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Between a heartbreaking spectator incident at Rally Monte-Carlo in January and a costly missed opportunity at Rally Sardegna in June, Hyundai Motorsport’s Hayden Paddon has openly had a season to forget, and currently sits in 10th place in the drivers’ standings. With the 30-year-old Kiwi on Northern New South Wales’ Coffs Coast for Rally Australia – the final round of the 2017 World Rally Championship – RallySport Magazine caught up with Hayden Paddon one-on-one, to find out why it’s all gone wrong and how he plans on turning his fortunes around. RallySport Magazine: Nice to be back in Australia for your ‘almost’ home rally? Hayden Paddon: It definitely is. It’s the closest we get, and with all the Kiwis that come over, they try and make it a bit of a Kiwi rally if you like. I think it’s good to come here, the atmosphere is more relaxed. We’ve done the rally many times so you have a bit more confidence than other rallies perhaps. RSM: How does Rally Australia stack up to others on the calendar? Are the stages ones you particularly enjoy or find particularly challenging? HP: It’s certainly one of my favourites. For me, it’s up there with the likes of Finland and some of those fast gravel rallies. Here, it’s very fast. If it’s dry, it’s probably one of my favourite rallies. If it’s wet, maybe not. So we’ll see how this weekend pans out. RSM: What are the most challenging elements of Rally Australia compared with other rallies? HP: It’s very fast, as I say, but it’s in the forest and it’s tree-lined. There’s a lot of blind crests and it’s really difficult to read the road, and the room for error here is nothing. In other rallies you might have ditches or things you can bounce off on the side of the road. Here you’ve only got trees – and they don’t move. So, for sure, I think the commitment level probably has to be just that little bit higher.
Hayden Paddon, 2017 Rally Australia

Hayden Paddon will be looking for a strong result this weekend to sign off on what has been a difficult season. Photo: David Zalstein

RSM: This time last year you said you were targeting a WRC title win in 2018. How likely is that looking now? HP: Yeah, I think that goal’s out the window now.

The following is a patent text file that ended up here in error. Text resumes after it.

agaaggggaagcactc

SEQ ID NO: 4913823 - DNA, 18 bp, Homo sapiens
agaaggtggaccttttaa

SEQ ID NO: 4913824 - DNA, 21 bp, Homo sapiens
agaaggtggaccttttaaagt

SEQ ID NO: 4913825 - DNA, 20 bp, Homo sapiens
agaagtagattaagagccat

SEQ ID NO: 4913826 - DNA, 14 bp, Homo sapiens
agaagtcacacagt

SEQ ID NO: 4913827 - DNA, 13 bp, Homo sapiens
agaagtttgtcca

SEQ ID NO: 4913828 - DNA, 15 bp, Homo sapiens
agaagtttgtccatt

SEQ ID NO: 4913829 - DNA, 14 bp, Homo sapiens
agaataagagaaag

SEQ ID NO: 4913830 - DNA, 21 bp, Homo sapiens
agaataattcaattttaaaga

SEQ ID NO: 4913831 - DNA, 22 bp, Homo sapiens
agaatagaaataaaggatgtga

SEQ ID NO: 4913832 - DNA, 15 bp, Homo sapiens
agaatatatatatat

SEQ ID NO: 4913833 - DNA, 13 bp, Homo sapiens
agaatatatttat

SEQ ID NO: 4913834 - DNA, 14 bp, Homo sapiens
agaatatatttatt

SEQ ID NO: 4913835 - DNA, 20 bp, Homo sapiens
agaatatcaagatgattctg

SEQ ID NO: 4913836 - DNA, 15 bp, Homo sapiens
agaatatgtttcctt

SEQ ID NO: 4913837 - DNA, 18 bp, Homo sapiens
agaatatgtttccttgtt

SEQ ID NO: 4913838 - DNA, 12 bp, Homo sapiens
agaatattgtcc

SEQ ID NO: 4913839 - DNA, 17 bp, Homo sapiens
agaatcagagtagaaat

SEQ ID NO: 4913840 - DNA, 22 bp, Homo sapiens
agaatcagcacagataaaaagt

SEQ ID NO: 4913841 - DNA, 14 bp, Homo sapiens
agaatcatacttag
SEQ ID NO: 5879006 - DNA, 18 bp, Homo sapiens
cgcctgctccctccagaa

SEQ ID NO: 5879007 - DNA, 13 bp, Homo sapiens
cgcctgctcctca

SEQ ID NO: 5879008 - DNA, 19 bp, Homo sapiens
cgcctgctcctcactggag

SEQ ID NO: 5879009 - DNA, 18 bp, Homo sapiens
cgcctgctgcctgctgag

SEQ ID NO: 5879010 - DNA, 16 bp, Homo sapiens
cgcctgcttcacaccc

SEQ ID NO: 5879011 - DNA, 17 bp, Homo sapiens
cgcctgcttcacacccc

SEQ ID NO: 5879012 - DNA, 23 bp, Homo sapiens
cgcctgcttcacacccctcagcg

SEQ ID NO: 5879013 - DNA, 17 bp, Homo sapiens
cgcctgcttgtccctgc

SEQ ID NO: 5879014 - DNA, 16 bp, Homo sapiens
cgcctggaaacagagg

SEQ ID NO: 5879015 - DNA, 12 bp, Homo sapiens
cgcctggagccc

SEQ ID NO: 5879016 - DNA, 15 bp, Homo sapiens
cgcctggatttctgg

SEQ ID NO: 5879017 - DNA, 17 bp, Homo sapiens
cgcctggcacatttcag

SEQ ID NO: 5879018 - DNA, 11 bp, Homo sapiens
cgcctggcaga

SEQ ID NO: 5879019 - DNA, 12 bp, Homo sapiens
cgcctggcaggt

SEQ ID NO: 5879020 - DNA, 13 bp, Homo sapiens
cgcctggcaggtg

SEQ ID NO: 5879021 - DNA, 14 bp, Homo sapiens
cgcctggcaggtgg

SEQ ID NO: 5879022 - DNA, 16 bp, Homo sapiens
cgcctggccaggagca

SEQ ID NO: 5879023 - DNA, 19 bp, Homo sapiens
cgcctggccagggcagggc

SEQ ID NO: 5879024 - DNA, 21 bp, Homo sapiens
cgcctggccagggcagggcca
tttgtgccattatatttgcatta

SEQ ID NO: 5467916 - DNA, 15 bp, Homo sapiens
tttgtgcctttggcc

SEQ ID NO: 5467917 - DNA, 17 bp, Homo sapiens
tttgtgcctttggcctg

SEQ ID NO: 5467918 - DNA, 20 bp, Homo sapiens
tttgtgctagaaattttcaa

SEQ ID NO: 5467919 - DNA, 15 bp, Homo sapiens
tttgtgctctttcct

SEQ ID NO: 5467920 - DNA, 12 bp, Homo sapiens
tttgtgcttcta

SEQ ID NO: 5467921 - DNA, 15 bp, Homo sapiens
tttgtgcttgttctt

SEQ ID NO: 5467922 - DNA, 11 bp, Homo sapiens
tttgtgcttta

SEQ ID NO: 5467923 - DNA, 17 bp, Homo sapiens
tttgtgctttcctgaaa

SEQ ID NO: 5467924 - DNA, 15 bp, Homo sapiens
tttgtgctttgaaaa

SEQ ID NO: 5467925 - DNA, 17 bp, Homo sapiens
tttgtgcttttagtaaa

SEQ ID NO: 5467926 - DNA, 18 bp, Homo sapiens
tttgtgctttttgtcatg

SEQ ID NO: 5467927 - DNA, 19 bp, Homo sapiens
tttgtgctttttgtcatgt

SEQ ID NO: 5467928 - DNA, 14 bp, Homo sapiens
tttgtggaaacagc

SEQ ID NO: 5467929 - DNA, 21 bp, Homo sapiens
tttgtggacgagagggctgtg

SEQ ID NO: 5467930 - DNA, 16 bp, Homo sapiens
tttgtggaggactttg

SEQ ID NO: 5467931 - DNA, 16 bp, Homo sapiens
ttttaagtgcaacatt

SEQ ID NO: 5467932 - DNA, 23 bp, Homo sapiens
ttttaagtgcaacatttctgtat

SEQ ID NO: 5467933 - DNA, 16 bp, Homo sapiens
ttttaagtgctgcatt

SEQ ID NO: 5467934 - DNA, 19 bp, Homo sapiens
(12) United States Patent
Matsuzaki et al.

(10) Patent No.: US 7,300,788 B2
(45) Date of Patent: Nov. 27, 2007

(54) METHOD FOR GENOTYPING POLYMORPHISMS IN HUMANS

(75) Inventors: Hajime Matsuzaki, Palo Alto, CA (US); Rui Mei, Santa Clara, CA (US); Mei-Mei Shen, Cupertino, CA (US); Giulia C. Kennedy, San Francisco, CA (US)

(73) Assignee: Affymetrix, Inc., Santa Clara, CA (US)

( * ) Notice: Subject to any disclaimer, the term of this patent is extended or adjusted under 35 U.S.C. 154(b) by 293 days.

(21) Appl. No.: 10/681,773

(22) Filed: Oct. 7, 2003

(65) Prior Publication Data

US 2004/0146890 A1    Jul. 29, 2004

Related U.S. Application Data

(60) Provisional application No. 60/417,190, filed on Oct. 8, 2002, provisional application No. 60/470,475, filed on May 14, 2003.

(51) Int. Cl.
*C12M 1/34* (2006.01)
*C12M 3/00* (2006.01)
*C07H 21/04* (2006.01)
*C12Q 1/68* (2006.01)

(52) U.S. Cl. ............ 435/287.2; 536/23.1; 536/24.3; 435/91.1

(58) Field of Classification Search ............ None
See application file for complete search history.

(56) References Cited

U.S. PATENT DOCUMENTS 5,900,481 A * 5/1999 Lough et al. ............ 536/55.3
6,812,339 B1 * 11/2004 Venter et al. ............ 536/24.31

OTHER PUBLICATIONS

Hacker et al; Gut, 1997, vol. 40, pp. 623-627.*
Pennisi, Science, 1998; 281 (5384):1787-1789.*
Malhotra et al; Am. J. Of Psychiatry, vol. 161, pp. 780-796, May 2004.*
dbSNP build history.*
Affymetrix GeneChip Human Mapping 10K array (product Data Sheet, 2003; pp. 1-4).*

Unfortunately, we’re not really going to be given an opportunity by the team to do the whole championship [next year].
You’ve got to be doing all the rallies to have a chance, and this year we’ve taken a little bit of a step backwards. But, we’re not going to dwell on that, we’re going to try and learn as much as we can from this year and come back stronger and still build towards that [goal] maybe in the future. [Winning a championship] is why we’re all here, so I won’t lose sight of that goal just yet... RSM: With that in mind, what’s the new target at this point? HP: At the moment, it’s just to get back to myself. Just to get back to what’s natural and get that confidence back up again. That’s all taken a bit of a hammering this year. We do the best job we can when we come to every rally, but when things are like this, when you’re in the car, you’ve got to let it naturally happen. And at the moment, it’s not quite what it should be, so, we’ve just got to build that up. And it’s not a switch – you can’t just flick it on and off. Like any sport, you go through troughs and highs, and we’ve just got to get back up on that high again. RSM: What do you think has caused this lack of confidence? HP: Well, the year started very badly [in Monte-Carlo]. Then we had a lot of technical problems in the first part of the year. And then, I think since Round Four/Round Five [Rally Corsica and Rally Argentina], we’ve just been chasing our tail. Of course, then the pressure was just building up and up and up, and we’ve been on the back foot from the word go – [not to mention] a couple of little mistakes from my side as well. It’s just meant you’ve had the pressure on a lot, and that’s meant things just haven’t been flowing. RSM: You’ve publically said that this year has been the most difficult year you’ve ever experienced. What’s made it such a difficult year? And what do you feel have been the toughest moments to bounce back from? HP: It’s just been one of those years where anything that can go wrong, has gone wrong.
It’s just amazing how many things have gone wrong – and not just professionally, but also personally and many things behind the scenes and on events and commercially as well. So yeah, it’s just been one of those years.